News

Students demand more transparency with tuition increase costs

Credit: Holly Liu / Credit: Holly Liu /

Earlier this year, Provost Farnam Jahanian announced a three percent increase in undergraduate tuition. This now puts the annual cost of attending Carnegie Mellon, excluding room, board, and other fees, at $52,732, which Business Insider ranks in the top 30 most expensive universities in the country.

Carnegie Mellon tuition has risen nearly every year for the past five years. These rising costs, along with the lack of transparency on behalf of the administration, have called students to question how the funds are being allocated. The Tartan reached out to Provost Jahanian for a response to this.

“We appreciate that the rising costs of higher education represent a significant sacrifice for our students and their families, which is why we make every effort to keep any increase in Carnegie Mellon’s tuition as low as possible,” said Jahanian. “To that end, over the past several years we have observed that [Carnegie Mellon University’s] rate of increases in the full tuition figure has been consistently below those of our peer institutions, typically by about 0.5-1 percentage point each year.”

While perhaps Carnegie Mellon does not raise costs as steeply as fellow universities, students have noticed that their financial aid packages have not increased in proportion to tuition. Students with higher needs also notice that their aid packages cover a smaller percentage of tuition from year to year. Though financial aid is very case-specific, some of the decrease could also be due to expectations for students to work and contribute to their tuition. David Stone, a junior majoring in business administration, observed he “had to take more loans this year than last,” but that decreasing financial aid really comes as “no surprise.”

Countless students are in the same situation, which could contribute to adverse selection at Carnegie Mellon University. As The New York Times states, “some colleges have more students in the top one percent than the bottom 60.” Carnegie Mellon ranks 119 on the list with only seven percent of the student body consisting of the top one percent. An increase in tuition coupled with declining financial aid, however, can result in fewer lower-class students applying to or attending Carnegie Mellon should they feel they cannot afford it.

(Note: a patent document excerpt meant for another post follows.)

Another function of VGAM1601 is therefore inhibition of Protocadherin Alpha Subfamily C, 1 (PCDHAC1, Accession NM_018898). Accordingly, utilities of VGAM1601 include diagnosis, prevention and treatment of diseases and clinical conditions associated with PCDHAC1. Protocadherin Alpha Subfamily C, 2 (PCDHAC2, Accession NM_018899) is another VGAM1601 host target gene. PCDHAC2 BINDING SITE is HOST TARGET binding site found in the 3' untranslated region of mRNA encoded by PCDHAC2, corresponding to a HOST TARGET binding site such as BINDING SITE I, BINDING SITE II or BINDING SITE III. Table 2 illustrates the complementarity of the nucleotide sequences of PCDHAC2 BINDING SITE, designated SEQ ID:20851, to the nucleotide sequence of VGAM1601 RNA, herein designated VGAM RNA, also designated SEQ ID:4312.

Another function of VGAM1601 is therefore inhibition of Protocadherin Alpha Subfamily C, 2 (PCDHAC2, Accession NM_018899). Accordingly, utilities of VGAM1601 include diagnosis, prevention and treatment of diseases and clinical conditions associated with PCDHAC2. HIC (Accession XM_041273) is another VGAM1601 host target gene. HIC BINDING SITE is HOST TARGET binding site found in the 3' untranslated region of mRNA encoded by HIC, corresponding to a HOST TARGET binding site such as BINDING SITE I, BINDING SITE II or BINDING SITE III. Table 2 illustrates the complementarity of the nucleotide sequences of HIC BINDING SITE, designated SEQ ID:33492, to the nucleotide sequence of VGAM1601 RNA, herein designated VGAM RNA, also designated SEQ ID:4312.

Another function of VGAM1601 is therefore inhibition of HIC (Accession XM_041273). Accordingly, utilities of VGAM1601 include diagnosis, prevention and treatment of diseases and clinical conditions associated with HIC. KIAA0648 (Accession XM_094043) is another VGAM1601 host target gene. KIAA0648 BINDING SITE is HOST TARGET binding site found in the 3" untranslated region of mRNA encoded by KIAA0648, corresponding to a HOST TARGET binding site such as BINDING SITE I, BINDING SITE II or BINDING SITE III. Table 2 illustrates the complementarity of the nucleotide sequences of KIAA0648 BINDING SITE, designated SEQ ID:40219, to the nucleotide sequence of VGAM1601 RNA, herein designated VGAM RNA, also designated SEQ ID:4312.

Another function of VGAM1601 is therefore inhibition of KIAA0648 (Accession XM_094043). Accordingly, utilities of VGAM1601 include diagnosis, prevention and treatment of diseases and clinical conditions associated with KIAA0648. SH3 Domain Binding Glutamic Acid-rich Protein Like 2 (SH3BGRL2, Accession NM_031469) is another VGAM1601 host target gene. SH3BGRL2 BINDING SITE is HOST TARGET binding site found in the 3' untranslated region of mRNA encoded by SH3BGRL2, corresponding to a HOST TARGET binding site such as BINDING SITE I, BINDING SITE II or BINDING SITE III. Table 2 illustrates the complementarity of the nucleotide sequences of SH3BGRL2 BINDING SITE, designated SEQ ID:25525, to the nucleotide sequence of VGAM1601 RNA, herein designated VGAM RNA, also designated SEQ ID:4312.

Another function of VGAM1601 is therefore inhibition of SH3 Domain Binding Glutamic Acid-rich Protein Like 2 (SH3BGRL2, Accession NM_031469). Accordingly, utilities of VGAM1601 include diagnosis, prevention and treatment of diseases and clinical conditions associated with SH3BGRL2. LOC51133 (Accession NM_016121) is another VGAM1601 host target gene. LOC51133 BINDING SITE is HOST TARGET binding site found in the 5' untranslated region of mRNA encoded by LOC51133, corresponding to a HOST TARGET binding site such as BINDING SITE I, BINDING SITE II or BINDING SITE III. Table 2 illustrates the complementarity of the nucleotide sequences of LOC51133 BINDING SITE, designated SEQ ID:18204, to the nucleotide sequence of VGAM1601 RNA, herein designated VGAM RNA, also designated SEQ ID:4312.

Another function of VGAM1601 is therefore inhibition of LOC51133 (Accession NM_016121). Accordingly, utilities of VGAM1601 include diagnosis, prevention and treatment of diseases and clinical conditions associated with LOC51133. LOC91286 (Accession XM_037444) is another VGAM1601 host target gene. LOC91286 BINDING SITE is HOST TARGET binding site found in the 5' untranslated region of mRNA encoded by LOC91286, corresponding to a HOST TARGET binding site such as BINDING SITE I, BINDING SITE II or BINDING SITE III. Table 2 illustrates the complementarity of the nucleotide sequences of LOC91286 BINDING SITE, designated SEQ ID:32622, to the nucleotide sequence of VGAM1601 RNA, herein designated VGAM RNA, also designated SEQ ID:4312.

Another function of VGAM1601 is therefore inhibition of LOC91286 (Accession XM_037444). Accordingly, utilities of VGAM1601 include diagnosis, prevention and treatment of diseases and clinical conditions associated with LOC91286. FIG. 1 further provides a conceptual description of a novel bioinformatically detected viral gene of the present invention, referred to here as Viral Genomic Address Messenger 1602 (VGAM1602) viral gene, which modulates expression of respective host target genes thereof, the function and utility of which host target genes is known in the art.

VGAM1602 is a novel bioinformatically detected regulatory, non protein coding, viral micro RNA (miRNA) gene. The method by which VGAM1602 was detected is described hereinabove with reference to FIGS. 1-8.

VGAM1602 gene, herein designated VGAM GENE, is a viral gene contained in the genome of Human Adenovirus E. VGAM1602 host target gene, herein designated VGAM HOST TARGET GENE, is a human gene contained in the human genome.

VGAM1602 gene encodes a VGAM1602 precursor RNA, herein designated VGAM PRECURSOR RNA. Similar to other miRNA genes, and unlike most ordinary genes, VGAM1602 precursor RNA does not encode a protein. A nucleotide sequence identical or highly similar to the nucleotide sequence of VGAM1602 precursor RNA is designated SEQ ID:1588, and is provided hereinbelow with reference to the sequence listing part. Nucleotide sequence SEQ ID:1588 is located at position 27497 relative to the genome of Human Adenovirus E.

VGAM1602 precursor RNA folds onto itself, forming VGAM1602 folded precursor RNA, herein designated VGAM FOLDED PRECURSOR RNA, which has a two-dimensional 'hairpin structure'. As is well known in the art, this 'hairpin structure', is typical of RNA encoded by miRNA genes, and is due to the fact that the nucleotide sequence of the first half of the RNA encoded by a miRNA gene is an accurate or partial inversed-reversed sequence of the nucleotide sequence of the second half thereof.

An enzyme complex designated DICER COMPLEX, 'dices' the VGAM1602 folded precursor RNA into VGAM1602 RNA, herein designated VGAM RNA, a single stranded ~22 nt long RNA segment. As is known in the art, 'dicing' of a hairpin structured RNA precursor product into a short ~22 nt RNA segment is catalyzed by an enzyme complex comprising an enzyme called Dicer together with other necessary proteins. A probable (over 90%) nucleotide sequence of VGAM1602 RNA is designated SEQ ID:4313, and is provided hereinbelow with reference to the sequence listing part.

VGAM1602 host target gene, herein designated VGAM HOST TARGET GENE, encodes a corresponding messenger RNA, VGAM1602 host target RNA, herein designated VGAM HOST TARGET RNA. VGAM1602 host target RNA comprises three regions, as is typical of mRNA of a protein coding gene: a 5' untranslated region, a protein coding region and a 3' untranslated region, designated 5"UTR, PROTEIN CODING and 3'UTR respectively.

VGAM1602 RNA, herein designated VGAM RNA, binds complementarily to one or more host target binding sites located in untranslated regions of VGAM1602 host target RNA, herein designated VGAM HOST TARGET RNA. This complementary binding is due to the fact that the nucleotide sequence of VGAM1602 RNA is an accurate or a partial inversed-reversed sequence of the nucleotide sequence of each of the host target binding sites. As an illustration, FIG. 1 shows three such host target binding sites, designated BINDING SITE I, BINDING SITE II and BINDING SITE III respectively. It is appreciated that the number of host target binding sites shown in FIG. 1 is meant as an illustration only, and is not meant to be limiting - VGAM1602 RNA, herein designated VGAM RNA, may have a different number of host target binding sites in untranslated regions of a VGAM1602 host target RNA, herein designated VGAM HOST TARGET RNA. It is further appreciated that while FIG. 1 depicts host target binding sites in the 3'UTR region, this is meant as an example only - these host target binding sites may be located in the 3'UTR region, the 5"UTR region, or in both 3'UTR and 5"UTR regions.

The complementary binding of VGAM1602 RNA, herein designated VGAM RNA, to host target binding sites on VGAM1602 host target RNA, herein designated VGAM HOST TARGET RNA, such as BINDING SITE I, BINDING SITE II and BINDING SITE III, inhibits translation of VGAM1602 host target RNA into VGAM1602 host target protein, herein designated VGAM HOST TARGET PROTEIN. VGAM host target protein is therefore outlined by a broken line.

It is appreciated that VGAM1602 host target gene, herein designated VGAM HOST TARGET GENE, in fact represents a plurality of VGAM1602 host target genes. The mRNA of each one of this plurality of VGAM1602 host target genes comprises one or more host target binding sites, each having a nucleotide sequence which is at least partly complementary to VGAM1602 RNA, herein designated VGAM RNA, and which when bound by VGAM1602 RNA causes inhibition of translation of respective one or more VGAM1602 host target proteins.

Provost Jahanian states: “The University remains focused on increasing the amount of money available for financial aid. One of President Suresh’s top priorities has been to provide critical financial support to outstanding undergraduate and graduate students. Since [Fiscal Year 2013], he has dedicated or raised $170 million for presidential fellowships and scholarships, including $60 million in new gifts. In a message to the university community last fall, President Suresh indicated that he expected more than $100 million to be added to the fund.” Despite these advances, Karishma Manglani, a junior majoring in decision science, counters that these scholarships are only targeting “high-performing students and completely ignore the problem that low-income students have a very hard and isolating time here.” Thus, if low-income students have always struggled to perform well or seek appropriate resources in high school, a systematic barrier further dismays them.